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Is the front-side bus multiplier the same as how many transfers it does per second?

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Problem Detail: 

What I am doing:

I've been reading there about front-side busses (FSB) and their cycles per second (MHz) vs. bandwidth (Millions of Transactions per second or MT/s).

What I've understood:

FSB's MHz is the actual speed it does per cycle, however, the speed per second depends on how many cycles it does per second

What I need:

Can we by some way say that the CPU multiplier amount is the same amount of cycles it does per second that we can tell that if the FSB is 800MHz and the multiplier is x4, it's capable of transferring up to *(800*4)MT/s*?

Why I assumed that?

Because of Wikipedia telling me that:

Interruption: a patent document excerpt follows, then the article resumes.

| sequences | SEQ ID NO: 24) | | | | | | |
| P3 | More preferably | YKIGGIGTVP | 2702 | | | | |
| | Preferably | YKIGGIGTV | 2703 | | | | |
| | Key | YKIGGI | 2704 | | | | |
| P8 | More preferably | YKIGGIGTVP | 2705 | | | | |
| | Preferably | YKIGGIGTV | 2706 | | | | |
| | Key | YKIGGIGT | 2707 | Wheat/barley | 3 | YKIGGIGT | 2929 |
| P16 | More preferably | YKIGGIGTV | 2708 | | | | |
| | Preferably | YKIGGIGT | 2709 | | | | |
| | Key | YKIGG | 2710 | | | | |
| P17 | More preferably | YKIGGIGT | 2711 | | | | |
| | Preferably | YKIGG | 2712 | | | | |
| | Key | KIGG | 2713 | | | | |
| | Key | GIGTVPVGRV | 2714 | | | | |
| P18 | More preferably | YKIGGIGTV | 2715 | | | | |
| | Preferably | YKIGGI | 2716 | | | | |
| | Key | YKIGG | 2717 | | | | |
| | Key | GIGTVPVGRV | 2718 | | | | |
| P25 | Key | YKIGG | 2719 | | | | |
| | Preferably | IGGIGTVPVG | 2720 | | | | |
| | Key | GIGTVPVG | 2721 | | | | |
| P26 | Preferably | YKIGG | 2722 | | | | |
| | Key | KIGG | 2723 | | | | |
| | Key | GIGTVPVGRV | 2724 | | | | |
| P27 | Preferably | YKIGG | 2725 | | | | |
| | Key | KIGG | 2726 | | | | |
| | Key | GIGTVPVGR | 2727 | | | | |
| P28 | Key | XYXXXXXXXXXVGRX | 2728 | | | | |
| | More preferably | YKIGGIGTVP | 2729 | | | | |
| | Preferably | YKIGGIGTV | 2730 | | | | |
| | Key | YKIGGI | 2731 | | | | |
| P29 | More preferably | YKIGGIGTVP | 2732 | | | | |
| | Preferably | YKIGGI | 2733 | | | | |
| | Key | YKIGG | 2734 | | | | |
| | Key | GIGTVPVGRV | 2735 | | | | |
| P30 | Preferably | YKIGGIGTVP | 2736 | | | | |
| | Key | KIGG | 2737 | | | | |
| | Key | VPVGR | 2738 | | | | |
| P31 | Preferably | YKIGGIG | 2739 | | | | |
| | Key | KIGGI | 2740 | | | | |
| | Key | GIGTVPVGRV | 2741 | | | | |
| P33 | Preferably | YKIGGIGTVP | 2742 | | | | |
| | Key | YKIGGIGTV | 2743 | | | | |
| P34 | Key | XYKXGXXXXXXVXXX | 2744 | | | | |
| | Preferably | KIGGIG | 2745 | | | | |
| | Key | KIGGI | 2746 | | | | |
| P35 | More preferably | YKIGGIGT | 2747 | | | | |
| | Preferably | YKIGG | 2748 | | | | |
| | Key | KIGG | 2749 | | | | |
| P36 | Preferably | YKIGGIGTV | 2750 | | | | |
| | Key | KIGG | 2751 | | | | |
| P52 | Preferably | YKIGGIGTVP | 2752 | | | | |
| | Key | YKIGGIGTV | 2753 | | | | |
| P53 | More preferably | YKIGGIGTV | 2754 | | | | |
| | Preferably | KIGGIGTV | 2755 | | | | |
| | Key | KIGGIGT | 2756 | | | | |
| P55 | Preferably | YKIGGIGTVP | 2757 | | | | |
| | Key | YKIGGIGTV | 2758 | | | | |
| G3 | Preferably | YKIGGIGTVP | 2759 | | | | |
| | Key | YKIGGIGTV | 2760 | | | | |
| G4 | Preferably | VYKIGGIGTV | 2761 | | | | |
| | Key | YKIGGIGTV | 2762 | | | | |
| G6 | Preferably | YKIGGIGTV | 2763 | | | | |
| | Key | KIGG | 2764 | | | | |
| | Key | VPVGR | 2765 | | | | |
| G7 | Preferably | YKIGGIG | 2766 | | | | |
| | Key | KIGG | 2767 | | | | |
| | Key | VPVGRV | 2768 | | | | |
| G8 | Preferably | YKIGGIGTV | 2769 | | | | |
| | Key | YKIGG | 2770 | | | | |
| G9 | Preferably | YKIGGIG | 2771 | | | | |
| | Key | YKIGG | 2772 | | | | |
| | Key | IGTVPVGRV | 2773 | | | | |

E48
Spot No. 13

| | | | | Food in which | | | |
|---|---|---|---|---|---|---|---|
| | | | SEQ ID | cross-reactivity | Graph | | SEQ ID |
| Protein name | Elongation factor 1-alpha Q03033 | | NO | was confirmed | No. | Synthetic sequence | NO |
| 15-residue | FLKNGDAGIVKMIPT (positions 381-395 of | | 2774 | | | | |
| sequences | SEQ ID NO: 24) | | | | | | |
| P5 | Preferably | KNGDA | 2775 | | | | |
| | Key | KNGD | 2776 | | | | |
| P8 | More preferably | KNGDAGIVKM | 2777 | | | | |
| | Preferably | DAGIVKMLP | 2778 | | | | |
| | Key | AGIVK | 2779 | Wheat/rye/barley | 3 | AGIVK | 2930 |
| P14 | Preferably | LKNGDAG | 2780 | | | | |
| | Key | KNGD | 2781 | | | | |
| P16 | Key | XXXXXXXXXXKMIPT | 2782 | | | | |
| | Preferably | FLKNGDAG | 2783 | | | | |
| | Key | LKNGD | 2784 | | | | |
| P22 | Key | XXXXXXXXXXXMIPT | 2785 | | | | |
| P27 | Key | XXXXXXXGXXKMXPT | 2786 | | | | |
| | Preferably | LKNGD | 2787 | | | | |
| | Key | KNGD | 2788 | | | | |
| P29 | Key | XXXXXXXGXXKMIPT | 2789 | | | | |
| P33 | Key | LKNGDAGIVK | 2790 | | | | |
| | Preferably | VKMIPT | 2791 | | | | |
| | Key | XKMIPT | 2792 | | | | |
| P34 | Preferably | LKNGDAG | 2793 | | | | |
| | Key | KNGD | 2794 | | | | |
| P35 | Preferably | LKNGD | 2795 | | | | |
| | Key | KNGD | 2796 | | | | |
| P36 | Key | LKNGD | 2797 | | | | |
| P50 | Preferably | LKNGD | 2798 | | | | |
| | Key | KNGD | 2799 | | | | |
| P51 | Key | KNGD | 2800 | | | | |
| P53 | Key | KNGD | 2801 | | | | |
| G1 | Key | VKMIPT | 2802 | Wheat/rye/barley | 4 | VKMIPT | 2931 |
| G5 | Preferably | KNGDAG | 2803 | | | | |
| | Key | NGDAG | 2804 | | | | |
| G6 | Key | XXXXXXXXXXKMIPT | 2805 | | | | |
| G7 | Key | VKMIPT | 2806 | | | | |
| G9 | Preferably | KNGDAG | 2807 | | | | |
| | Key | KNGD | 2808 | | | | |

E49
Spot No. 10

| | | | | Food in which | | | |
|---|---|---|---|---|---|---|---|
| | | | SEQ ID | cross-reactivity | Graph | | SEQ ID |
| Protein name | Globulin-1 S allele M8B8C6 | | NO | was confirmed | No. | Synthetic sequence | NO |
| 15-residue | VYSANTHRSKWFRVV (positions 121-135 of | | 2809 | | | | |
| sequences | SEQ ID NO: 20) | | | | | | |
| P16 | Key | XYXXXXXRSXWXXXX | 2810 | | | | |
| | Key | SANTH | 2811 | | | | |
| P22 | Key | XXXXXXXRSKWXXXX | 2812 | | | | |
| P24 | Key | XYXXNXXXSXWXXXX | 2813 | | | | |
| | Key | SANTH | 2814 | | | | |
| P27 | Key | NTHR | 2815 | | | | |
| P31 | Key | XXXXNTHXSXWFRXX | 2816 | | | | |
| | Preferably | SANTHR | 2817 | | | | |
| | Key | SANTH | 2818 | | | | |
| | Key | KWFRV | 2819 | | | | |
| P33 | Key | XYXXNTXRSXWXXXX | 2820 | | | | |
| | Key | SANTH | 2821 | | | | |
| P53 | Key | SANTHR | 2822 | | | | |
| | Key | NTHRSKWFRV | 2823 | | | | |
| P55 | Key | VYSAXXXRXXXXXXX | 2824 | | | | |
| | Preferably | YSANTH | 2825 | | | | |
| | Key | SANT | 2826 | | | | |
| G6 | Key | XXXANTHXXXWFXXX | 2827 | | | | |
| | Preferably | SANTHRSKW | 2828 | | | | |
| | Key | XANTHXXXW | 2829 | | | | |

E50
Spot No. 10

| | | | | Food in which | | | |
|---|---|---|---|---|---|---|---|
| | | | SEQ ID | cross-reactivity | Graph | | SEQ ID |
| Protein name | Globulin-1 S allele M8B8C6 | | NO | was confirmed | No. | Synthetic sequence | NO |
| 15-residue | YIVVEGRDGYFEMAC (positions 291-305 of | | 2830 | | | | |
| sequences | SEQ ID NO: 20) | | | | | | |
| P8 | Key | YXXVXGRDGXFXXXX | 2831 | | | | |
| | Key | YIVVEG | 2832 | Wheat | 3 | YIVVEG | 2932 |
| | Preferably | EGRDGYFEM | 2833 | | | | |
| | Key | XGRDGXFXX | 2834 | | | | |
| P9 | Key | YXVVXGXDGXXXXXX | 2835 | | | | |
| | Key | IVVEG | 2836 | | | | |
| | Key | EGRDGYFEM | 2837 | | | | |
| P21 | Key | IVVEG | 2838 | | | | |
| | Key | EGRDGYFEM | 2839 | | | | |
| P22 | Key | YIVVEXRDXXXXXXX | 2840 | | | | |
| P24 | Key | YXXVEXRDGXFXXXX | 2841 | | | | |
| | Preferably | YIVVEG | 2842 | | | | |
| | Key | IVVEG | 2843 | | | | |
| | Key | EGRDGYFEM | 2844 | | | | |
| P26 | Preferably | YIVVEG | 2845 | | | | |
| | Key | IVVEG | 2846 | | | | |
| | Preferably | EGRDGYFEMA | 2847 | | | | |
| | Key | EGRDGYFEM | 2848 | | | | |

In computing, the clock multiplier (or CPU multiplier or bus/core ratio) measures the ratio of an internal CPU clock rate to the externally supplied clock. A CPU with a 10x multiplier will thus see 10 internal cycles (produced by PLL-based frequency multiplier circuitry) for every external clock cycle

Asked By : OverCoder
Answered By : Wandering Logic

No. You're not cancelling your units correctly.

The wikipedia article is talking about something else. (The cycles/sec of the front-side bus vs. the cycles/sec of the processor.)

The Transfers (or Transactions) per second is given by:

$$ \frac{\mathrm{Transactions}}{\mathrm{cycle}} \times \frac{\mathrm{cycles}}{\mathrm{second}} = \frac{\mathrm{Transactions}}{\mathrm{second}}. $$

MHz is millions of cycles per second (cycles/second), not speed per cycle.

The calculation you do in your section "what I need." is correct: If the front-side bus is running at 800 million cycles/sec, and can do 4 transfers per cycle, then it can do 800M * 4 = 3200M transfers/second.

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